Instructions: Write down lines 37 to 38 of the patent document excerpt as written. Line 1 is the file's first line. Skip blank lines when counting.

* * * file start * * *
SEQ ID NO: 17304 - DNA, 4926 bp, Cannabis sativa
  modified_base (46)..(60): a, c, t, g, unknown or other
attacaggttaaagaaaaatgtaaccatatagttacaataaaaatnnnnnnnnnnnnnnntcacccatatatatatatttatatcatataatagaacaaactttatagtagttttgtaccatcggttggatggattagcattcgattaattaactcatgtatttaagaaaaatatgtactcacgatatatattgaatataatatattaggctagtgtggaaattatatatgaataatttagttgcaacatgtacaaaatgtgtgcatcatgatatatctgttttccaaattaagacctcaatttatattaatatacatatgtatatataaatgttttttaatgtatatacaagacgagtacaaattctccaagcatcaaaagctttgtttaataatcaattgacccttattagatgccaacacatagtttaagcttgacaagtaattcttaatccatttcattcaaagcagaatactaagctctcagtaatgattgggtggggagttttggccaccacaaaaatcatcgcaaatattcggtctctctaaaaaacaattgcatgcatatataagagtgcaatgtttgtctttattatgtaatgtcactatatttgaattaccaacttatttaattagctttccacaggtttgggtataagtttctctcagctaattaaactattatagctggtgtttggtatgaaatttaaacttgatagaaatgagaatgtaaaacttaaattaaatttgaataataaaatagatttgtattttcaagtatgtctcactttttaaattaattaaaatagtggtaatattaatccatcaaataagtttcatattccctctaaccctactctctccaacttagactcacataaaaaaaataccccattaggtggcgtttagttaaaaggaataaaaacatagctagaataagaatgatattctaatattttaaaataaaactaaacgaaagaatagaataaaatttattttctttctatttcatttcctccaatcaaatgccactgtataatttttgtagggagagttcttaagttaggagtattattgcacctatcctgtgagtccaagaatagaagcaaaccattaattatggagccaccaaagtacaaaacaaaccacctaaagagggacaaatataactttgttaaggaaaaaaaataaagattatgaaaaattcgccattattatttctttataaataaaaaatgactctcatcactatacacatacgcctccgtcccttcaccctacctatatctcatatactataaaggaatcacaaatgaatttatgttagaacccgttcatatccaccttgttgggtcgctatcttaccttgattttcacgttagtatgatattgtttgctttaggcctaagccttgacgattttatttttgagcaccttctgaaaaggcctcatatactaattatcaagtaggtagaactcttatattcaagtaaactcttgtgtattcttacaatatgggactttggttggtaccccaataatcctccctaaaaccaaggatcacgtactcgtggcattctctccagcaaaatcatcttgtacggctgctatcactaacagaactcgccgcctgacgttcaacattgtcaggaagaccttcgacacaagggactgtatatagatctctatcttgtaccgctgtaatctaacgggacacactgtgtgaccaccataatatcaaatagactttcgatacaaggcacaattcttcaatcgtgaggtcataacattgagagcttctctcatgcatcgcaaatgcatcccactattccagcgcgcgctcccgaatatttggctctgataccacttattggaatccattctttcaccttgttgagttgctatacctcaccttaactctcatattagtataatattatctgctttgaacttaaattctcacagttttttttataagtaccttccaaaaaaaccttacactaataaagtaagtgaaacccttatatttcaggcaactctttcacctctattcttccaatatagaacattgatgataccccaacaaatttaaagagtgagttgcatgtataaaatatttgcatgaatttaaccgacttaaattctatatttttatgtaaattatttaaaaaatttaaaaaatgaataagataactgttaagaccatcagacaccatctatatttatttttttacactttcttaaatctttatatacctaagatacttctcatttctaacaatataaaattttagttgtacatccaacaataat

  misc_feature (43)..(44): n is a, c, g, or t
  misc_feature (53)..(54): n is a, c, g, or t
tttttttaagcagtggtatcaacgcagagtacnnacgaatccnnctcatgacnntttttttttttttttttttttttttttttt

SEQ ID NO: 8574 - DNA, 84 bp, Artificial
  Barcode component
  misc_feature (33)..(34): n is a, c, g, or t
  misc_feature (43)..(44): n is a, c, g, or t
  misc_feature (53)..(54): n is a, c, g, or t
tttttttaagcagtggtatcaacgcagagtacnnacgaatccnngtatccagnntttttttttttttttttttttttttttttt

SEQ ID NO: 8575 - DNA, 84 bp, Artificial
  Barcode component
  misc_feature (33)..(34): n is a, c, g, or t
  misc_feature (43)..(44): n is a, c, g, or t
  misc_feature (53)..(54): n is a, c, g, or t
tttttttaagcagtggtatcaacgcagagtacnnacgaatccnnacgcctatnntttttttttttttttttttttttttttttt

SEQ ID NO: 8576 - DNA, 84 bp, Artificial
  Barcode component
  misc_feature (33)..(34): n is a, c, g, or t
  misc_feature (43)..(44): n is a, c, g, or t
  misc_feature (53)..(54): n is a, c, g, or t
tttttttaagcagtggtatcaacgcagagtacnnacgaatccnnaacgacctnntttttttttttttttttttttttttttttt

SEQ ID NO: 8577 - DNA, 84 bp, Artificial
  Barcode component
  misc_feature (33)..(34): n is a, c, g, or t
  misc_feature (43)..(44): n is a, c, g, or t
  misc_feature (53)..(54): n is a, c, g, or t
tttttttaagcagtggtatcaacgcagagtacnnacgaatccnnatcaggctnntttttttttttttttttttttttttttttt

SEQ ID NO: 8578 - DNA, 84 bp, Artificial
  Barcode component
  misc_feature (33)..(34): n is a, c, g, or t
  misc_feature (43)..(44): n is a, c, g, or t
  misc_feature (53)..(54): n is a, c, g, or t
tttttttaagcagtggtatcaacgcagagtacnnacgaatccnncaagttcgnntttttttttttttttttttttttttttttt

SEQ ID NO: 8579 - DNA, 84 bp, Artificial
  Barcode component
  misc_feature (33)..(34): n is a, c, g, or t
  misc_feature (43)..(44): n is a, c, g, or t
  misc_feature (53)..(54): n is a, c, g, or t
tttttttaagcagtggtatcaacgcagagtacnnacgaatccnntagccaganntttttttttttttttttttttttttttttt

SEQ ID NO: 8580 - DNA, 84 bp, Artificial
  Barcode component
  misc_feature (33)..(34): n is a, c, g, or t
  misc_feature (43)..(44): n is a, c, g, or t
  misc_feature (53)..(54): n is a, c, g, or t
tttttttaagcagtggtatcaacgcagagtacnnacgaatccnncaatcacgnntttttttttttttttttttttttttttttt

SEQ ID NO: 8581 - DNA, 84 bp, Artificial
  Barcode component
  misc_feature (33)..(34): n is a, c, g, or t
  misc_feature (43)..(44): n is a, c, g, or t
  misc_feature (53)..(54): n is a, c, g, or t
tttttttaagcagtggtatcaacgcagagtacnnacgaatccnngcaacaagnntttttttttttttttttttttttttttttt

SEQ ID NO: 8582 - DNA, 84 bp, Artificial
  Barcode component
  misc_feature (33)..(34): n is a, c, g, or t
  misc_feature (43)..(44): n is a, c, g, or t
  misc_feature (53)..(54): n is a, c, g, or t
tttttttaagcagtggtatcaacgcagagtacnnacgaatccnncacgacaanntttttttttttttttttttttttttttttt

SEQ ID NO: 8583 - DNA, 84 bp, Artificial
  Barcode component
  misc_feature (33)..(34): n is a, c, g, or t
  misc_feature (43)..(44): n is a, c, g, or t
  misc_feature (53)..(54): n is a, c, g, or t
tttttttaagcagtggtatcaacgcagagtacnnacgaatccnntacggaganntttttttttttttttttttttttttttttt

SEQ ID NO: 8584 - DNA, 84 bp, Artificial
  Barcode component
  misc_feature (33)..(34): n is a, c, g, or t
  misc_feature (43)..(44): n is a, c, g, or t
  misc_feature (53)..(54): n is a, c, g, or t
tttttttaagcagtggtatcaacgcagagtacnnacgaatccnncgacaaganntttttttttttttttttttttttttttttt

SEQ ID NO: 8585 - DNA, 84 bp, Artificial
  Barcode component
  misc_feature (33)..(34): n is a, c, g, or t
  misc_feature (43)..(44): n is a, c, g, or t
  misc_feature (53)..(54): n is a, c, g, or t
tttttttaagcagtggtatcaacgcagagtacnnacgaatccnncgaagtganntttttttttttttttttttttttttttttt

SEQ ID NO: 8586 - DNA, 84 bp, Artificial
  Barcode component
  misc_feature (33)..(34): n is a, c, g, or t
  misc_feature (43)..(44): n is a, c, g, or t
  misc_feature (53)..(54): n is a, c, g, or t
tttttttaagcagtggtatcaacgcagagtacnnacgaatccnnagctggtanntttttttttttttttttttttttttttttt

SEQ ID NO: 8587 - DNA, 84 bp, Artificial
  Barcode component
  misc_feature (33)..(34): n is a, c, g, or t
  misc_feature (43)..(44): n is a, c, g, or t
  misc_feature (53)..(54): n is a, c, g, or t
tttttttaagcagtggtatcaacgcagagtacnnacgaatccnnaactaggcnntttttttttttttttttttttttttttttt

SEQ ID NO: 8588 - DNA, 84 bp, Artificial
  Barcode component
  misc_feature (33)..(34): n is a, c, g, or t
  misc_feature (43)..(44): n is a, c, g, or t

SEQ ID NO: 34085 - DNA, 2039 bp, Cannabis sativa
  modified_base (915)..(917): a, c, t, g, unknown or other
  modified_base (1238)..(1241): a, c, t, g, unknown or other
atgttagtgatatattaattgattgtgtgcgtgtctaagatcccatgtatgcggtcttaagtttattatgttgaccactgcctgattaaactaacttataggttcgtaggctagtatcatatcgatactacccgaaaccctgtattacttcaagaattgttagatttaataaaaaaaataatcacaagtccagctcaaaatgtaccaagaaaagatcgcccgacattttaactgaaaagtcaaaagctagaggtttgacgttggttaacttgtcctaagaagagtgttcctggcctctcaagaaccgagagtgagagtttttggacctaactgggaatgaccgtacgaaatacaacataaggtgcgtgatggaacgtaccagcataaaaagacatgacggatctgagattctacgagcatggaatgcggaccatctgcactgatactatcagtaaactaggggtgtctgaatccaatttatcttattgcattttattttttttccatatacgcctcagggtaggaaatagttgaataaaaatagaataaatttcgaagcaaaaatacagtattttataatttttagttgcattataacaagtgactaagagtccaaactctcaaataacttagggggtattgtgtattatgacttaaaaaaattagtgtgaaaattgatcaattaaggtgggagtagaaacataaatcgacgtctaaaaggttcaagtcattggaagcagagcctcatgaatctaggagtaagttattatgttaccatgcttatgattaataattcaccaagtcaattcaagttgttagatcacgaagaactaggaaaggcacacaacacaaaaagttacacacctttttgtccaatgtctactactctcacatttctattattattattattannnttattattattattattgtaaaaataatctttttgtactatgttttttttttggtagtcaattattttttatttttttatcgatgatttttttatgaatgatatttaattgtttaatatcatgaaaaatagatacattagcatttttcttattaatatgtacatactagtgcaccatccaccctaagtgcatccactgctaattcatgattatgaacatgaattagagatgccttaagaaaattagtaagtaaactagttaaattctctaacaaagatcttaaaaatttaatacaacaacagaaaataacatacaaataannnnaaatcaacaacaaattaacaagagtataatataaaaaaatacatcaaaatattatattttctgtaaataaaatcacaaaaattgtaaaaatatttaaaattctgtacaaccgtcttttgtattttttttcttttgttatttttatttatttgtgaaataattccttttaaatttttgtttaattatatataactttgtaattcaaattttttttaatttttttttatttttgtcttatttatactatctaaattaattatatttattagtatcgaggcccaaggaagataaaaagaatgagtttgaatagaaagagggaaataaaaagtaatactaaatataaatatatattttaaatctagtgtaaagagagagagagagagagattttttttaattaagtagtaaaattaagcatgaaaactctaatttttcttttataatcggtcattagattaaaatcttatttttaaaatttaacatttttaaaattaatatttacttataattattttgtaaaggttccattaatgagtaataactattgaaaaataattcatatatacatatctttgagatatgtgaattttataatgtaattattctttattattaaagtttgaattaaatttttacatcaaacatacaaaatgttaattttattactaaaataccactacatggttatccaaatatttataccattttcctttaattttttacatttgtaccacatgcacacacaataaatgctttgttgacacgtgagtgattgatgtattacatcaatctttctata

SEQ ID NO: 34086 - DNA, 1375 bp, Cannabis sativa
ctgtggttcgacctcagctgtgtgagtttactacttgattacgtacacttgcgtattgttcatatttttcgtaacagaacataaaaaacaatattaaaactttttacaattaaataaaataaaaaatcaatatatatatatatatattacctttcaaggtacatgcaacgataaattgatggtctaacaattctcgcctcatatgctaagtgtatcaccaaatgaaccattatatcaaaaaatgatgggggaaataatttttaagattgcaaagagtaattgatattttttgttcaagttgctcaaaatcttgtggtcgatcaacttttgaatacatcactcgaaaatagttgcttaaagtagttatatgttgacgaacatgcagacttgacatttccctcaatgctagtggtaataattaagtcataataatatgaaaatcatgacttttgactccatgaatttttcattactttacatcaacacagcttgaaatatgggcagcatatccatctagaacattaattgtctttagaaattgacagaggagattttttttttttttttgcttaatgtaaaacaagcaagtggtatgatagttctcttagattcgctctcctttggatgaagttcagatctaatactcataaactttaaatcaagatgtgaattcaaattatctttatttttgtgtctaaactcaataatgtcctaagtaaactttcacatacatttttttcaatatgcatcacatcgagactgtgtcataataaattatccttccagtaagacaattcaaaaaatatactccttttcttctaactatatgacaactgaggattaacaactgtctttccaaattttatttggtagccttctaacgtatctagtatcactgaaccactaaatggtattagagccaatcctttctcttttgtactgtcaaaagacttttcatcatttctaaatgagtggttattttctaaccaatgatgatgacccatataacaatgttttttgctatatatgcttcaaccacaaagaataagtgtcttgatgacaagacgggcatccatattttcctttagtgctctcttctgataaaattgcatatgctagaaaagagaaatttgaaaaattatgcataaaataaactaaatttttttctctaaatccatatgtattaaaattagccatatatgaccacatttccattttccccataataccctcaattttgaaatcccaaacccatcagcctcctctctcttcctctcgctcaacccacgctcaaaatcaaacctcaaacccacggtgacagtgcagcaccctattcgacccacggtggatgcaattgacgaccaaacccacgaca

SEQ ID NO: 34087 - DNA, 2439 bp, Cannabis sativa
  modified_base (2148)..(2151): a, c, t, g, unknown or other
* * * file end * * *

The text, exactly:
SEQ ID NO: 8579 - DNA, 84 bp, Artificial
  Barcode component